Green Card Categories: Understanding the Different Paths to U.S. Permanent Residency

An Overview of the Green Card Categories Under U.S. Immigration Law

A green card, also known as a permanent resident card, is an important document that is issued to non-U.S. citizens who qualify as lawful permanent residents. 

As a green card holder, you can reside and work in the U.S. without restrictions or without having to obtain an employment authorization document (EAD). You can also travel abroad freely and access certain government benefits. More importantly, owning a green card means you can become a U.S. citizen within a few years.

But how does one become a green card holder? The first step to becoming a green card holder is understanding the green card categories specified by U.S. immigration law and the eligibility criteria for each one to determine whether you qualify.

At the JQK Immigration Law Firm, we know it could be difficult to understand the intricacies of green card applications, and we are committed to providing thorough and respectful legal assistance tailored to your unique circumstances.

Below, we discuss the basic green card categories to help you self-assess your initial eligibility. We’d be happy to answer any questions you might have afterward.

What Are the Green Card Categories?

The green card categories describe the different groups of foreigners who can obtain lawful permanent resident status in the U.S. There are several green card categories, but the major ones are the family and employment-based categories.

Family-Based Green Card Category

Family-based green cards are a pathway for foreign nationals to obtain legal residence through family connections with a U.S. citizen or lawful permanent resident.

There are several sub-groups under this category, as follows:

Immediate Relatives of U.S. Citizens

Those in this subgroup include spouses, unmarried children under 21, and parents of U.S. citizens (if the U.S. citizen is over 21).

Family-Based Preference Categories

Other close relatives of U.S. citizens and lawful permanent residents can qualify for a green card if they fall within any of the family-based preference categories as follows:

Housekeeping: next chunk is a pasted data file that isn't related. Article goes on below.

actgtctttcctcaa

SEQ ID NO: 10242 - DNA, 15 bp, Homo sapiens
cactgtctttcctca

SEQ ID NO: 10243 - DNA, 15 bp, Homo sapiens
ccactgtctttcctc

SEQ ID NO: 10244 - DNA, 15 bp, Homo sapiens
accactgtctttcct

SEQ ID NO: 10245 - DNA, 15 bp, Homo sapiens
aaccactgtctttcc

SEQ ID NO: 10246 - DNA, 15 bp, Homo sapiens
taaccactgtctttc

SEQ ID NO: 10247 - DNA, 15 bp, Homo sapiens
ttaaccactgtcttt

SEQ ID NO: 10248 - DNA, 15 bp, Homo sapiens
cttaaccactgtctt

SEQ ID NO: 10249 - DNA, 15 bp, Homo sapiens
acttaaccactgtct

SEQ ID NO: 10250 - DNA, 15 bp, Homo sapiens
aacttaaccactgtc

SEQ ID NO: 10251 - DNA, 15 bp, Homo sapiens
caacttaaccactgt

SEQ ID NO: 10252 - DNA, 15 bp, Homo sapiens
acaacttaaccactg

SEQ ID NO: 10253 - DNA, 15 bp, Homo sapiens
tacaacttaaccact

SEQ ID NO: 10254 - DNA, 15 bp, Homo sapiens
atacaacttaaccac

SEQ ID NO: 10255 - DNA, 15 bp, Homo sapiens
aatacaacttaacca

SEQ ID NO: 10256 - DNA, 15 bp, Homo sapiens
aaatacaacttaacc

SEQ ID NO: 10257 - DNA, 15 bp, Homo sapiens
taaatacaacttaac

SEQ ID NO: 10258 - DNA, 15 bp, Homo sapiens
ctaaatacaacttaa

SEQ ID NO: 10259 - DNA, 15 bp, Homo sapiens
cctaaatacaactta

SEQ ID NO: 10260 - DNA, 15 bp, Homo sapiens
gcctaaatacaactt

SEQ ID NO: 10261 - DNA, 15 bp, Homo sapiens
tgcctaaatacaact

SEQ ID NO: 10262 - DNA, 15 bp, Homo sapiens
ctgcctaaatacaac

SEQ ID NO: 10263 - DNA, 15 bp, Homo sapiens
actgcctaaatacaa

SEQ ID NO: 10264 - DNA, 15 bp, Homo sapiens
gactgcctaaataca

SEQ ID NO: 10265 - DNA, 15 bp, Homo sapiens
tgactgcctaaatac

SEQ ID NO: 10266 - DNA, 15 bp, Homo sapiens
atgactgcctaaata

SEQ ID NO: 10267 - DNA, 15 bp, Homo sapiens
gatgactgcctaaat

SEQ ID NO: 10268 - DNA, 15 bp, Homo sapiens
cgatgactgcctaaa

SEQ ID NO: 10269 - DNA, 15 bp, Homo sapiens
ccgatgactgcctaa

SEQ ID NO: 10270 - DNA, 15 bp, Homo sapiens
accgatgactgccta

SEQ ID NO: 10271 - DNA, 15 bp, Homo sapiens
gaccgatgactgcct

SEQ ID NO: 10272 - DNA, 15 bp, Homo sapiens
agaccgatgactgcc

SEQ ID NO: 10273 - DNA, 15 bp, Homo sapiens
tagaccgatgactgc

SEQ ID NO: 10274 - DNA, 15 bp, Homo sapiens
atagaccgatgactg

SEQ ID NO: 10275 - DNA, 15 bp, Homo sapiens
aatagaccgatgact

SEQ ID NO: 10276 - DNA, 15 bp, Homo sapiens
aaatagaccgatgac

• First preference (F1): Unmarried children of U.S. citizens who are over 21 years old 
  • Second preference (F2A and F2B): Spouses and unmarried children of lawful permanent residents
  • Third preference (F3): Married children (of any age) of U.S. citizens
  • Fourth preference (F4): siblings of adult U.S. citizens.

Additionally, widows or widowers of deceased U.S. citizens may qualify for a green card. If you are in this position, an experienced Green Card Lawyer can explain what you need to qualify.

Employment-Based Green Card Categories

You can become a green card holder based on your job or professional skills if you fall within the following categories:

First Preference (EB-1): This category is for those with extraordinary ability in education, the arts, sciences, athletics, or business. Outstanding professors, researchers, and certain multinational managers and executives can also qualify for Employment Green Cards under this category. If you are among the few who have risen to the top of your field, the EB-1 may be your path to a new life in the U.S.

Second Preference (EB-2): Qualified workers here include professionals holding advanced degrees or persons who can demonstrate exceptional ability in their field. 

Third Preference (EB-3): This category is designed for skilled workers whose jobs require at least two years of training or experience that is not of a temporary or seasonal nature and professionals who hold a U.S. bachelor’s degree or foreign equivalent. If you are a worker performing unskilled labor, you may also fall within this category, subject to other legal and regulatory requirements.

(EB-4) Special Immigrants: Those in this category are considered special immigrants and include:

  • Religious workers
  • Long-term employees of specific international organizations such as The North Atlantic Treaty Organization (NATO) and the World Bank and their family members (including the spouses of deceased international organization employees)
  • Members of the U.S. armed forces